It's a simple story really. It's a story about a young girl fighting an illness while the adults fight a war. But it's also a lot more. It's a story about hope and courage. It's a story about love and loss. And it's beautiful.

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review 2017-07-06 01:39
Thoughts: The Shadowy Horses
The Shadowy Horses - Susanna Kearsley

The Shadowy Horses

by Susanna Kearsley

 

 

The Invincible Ninth Roman Legion Marches from York to Fight The Northern Tribes. and then Vanishes from the Pages of History.

Archaeologist Verity Grey has been drawn to the dark legends of the Scottish Borderlands in search of the truth buried in a rocky field by the sea.

Her eccentric boss has spent his whole life searching for the resting place of the lost Ninth Roman Legion and is convinced he's finally found it—not because of any scientific evidence, but because a local boy has "seen" a Roman soldier walking in the fields, a ghostly sentinel who guards the bodies of his long-dead comrades.

Here on the windswept shores, Verity may find the answer to one of the great unsolved mysteries of our time.  Or she may uncover secrets someone buried for a reason.

 

 

To start off, I just wanted to point out that, for my own reasons, I like the paperback book cover more than the Kindle version book cover featured above.  The image of a house on what looks like rocky cliffs, on a background of mist and darkness gives a much better sense of a Gothic, ghostly setting than the one of a woman's silhouette walking amidst a vague background that might be grasslands and clouds.

Anyway, moving along now onto the actual review...

The Shadowy Horses was a very interesting and great read.  It is written well, and the imagery Kearsley creates with her vivid descriptions are pretty wonderful.  They make you feel like you're right there with Verity, walking the fishing docks and the museum, or rushing through the rainy moors, or looking out her bedroom window in the middle of the night, listening to the sound of galloping hooves.

This book is extremely well written.

It also helps that the story has a very attractive premise that caught my attention immediately.

I've always been interested in archaeology, historical locales, creepy old mansions, and ghostly happenings (as much as I don't like horror).  Put all of this together, with a wandering ghostly Sentinel, and shadowy horses, with an ominous legend, that gallop in the middle of the night, and you've got really well outlined Ani-bait.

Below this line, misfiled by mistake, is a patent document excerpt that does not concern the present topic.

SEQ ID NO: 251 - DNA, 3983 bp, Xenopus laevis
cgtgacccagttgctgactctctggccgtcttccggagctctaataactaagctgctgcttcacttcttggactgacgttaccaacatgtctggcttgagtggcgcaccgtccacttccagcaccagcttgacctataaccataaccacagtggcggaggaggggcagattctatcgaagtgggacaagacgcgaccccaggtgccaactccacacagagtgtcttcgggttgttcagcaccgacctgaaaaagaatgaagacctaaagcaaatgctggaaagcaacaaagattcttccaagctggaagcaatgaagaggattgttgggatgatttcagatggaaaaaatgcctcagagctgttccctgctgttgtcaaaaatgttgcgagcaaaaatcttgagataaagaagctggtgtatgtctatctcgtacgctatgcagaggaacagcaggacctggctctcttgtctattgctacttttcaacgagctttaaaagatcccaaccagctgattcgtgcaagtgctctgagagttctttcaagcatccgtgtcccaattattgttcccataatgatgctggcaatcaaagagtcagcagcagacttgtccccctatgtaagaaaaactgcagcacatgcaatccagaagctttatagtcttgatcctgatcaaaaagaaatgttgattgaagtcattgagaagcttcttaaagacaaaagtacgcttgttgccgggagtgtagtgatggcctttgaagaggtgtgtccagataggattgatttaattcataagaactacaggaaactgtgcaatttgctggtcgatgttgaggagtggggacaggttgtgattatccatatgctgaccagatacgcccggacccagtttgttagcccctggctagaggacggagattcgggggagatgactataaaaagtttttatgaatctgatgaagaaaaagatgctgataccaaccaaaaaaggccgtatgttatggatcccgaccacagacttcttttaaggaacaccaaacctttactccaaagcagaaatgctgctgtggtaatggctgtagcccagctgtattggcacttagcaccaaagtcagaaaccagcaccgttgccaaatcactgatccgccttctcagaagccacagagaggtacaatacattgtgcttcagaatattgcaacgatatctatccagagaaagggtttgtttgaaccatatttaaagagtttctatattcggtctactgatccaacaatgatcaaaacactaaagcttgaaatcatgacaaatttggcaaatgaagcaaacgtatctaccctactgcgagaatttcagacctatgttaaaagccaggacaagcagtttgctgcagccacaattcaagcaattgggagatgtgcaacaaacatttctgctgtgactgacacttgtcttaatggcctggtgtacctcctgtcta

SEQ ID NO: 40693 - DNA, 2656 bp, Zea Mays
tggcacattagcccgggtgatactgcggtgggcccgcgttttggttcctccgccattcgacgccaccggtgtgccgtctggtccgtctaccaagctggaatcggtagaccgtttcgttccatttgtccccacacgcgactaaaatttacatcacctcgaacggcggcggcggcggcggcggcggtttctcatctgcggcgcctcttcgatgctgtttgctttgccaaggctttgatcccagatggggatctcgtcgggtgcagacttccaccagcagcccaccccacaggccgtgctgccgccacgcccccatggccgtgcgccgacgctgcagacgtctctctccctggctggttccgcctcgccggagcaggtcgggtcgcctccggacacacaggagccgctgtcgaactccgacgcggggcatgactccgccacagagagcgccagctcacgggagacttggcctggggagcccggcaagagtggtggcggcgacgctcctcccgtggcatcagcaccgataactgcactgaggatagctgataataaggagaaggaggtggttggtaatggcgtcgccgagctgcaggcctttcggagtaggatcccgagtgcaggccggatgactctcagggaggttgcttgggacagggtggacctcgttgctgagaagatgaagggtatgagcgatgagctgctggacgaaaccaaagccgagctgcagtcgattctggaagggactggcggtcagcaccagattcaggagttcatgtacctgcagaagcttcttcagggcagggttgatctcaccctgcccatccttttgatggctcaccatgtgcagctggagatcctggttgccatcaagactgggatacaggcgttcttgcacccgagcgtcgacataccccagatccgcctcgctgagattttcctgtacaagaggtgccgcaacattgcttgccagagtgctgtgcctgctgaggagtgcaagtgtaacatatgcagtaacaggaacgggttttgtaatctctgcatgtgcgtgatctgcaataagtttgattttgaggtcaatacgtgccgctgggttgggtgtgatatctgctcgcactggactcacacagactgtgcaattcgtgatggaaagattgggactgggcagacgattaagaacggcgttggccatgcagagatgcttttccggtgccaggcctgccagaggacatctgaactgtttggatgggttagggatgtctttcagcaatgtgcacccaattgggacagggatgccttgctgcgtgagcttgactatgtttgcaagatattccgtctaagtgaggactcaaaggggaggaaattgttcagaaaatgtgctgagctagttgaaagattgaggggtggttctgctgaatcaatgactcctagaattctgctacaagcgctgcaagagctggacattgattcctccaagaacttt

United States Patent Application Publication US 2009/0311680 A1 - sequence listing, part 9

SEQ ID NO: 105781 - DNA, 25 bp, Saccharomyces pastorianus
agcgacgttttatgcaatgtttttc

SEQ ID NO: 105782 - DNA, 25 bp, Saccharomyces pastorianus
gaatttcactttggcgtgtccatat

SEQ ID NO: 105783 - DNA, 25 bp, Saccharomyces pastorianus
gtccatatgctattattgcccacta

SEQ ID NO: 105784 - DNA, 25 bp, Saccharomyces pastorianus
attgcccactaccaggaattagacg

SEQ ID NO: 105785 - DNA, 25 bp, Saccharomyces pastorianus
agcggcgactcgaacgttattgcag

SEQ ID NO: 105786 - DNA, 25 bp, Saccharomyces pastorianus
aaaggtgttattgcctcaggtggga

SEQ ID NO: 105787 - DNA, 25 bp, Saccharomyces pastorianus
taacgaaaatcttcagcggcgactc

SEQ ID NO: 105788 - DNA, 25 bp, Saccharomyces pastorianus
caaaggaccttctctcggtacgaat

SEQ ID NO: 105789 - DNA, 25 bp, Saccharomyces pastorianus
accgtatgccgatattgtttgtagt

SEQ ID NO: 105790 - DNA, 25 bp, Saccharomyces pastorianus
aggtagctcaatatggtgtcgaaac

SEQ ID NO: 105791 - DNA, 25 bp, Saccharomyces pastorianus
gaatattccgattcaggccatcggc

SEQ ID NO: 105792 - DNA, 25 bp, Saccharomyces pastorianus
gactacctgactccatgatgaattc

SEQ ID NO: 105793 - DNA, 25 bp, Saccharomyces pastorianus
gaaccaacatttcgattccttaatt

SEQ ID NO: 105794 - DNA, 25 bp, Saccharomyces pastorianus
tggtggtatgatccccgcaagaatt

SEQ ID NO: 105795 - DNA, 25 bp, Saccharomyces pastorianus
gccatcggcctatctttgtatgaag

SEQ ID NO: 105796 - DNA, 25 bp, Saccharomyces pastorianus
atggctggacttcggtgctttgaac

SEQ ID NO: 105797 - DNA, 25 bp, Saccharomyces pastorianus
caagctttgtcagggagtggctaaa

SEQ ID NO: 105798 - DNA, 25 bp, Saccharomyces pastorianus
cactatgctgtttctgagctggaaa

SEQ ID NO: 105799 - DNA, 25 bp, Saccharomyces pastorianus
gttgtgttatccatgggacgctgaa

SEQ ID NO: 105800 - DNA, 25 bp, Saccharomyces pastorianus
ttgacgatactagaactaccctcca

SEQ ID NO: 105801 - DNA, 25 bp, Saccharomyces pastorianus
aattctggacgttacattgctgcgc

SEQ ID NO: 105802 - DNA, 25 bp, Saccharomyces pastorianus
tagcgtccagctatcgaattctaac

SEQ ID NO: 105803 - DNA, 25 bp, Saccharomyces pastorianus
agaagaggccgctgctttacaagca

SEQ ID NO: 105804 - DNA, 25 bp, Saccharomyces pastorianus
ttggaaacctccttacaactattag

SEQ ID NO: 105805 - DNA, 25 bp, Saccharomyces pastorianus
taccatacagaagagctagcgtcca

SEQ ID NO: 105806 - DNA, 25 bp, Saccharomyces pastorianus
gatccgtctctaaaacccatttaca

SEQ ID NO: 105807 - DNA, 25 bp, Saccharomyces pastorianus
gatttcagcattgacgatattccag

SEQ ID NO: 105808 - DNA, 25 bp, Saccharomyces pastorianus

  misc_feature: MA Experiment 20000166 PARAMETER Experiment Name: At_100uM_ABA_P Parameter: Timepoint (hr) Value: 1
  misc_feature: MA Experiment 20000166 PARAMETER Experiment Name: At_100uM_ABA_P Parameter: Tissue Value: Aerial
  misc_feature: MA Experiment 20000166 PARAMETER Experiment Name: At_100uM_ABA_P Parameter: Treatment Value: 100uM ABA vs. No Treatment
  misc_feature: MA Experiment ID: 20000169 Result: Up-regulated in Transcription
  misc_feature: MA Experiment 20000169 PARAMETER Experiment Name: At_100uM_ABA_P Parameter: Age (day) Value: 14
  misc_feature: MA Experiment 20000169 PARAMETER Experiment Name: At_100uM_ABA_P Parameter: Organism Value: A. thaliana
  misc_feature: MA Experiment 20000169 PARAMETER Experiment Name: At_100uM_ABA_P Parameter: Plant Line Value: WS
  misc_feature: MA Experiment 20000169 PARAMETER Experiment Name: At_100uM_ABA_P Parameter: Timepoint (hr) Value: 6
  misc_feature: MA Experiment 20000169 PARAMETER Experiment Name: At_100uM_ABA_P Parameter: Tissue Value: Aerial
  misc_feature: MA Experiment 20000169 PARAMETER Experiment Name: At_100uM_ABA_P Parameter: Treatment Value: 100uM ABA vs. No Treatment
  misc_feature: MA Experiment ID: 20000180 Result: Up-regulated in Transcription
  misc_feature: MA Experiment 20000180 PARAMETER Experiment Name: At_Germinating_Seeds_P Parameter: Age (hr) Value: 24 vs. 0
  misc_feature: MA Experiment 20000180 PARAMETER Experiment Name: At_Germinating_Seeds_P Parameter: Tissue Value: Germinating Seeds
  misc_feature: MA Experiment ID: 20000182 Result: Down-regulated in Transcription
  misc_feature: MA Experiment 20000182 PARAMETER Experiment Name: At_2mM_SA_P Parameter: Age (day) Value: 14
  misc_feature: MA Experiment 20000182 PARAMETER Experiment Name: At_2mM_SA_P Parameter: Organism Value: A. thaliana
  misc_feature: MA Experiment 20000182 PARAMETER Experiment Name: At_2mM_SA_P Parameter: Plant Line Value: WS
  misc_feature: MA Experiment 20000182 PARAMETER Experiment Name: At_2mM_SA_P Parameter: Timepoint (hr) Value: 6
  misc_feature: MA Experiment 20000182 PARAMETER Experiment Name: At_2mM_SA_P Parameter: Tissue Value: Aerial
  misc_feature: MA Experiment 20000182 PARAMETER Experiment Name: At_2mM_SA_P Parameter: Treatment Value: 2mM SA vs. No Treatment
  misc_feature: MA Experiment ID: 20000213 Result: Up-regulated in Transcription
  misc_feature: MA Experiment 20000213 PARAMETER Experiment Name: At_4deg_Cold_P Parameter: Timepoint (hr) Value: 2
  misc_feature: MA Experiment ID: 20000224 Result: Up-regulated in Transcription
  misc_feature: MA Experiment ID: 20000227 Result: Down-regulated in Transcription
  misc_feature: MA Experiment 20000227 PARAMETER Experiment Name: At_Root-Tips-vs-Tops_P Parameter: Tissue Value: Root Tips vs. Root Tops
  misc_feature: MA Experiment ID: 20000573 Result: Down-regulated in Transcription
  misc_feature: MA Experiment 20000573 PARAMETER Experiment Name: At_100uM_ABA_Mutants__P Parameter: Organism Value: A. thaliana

The characters weren't too shabby either, each exhibiting their own unique personalities.  I tried really hard to imagine all the different accents, with all of our main characters prominently English, Scottish, and Irish--this would probably a great book to listen to in audio given the perfect narrator.  And it looks like I learned a little bit of Scots as well, and am interested in picking up my own Scots dictionary.

The Shadowy Horses is also chock full of little history lessons, and a couple of mythical legends that I loved!  It certainly added onto the atmosphere.

Story-wise, however, I couldn't help but notice that, to be honest, a whole lot of nothing happens in this book.  There is a lot of day-to-day banality that seemed to drag on as we awaited each dig day to find something, rolled over into the night to hear the shadowy horses, then went into town for personal reasons.  The ghostly haunting by the lone, wandering Sentinel isn't as creepily bone-chilling as I'd expected--the purpose for his presence was fairly predictable, and it doesn't take a five-year-old psychic to tell you as much.  The first introduction of the shadowy horses had promise, but I kept feeling like there should have been more to it than just hearing them galloping each night.

There was very little build up to the main conflict of the book, which is evident when the conflict pops up at the end and I didn't even realize there was such a serious conflict to begin with.  And the fact that when the conflict DOES come up, there was no question about how everything would resolve; no surprise twists or anything presented.

All-in-all, I suppose I was kind of expecting a bit more, probably because of the strong start the book gives us.